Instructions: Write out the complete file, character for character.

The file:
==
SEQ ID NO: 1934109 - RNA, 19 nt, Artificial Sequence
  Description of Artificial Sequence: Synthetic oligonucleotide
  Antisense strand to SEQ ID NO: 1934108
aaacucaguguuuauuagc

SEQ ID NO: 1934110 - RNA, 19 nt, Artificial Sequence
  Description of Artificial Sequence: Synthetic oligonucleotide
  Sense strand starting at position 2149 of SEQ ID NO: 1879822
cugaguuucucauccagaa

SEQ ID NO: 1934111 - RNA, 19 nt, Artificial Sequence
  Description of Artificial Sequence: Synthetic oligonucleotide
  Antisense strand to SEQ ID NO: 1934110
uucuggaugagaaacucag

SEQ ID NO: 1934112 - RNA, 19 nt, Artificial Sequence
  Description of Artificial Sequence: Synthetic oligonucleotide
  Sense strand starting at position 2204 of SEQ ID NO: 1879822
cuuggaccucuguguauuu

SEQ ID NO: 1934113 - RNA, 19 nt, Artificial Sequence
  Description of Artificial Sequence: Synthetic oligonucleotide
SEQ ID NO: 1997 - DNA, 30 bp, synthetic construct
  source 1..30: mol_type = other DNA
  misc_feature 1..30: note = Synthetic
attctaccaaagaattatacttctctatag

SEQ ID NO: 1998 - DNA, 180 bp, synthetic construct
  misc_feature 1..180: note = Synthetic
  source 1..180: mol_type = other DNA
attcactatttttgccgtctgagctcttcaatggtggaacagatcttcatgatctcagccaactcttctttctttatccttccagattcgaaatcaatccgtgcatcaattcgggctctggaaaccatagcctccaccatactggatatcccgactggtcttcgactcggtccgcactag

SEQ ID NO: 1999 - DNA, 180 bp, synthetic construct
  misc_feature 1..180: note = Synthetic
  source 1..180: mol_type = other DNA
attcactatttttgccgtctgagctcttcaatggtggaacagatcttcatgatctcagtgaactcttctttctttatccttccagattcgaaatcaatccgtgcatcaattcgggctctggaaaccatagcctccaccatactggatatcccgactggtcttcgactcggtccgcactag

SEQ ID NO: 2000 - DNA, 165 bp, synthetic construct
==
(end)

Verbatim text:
SEQ ID NO: 1934109 - RNA, 19 nt, Artificial Sequence
  Description of Artificial Sequence: Synthetic oligonucleotide
  Antisense strand to SEQ ID NO: 1934108
aaacucaguguuuauuagc

SEQ ID NO: 1934110 - RNA, 19 nt, Artificial Sequence
  Description of Artificial Sequence: Synthetic oligonucleotide
  Sense strand starting at position 2149 of SEQ ID NO: 1879822
cugaguuucucauccagaa

SEQ ID NO: 1934111 - RNA, 19 nt, Artificial Sequence
  Description of Artificial Sequence: Synthetic oligonucleotide
  Antisense strand to SEQ ID NO: 1934110
uucuggaugagaaacucag

SEQ ID NO: 1934112 - RNA, 19 nt, Artificial Sequence
  Description of Artificial Sequence: Synthetic oligonucleotide
  Sense strand starting at position 2204 of SEQ ID NO: 1879822
cuuggaccucuguguauuu

SEQ ID NO: 1934113 - RNA, 19 nt, Artificial Sequence
  Description of Artificial Sequence: Synthetic oligonucleotide
SEQ ID NO: 1997 - DNA, 30 bp, synthetic construct
  source 1..30: mol_type = other DNA
  misc_feature 1..30: note = Synthetic
attctaccaaagaattatacttctctatag

SEQ ID NO: 1998 - DNA, 180 bp, synthetic construct
  misc_feature 1..180: note = Synthetic
  source 1..180: mol_type = other DNA
attcactatttttgccgtctgagctcttcaatggtggaacagatcttcatgatctcagccaactcttctttctttatccttccagattcgaaatcaatccgtgcatcaattcgggctctggaaaccatagcctccaccatactggatatcccgactggtcttcgactcggtccgcactag

SEQ ID NO: 1999 - DNA, 180 bp, synthetic construct
  misc_feature 1..180: note = Synthetic
  source 1..180: mol_type = other DNA
attcactatttttgccgtctgagctcttcaatggtggaacagatcttcatgatctcagtgaactcttctttctttatccttccagattcgaaatcaatccgtgcatcaattcgggctctggaaaccatagcctccaccatactggatatcccgactggtcttcgactcggtccgcactag

SEQ ID NO: 2000 - DNA, 165 bp, synthetic construct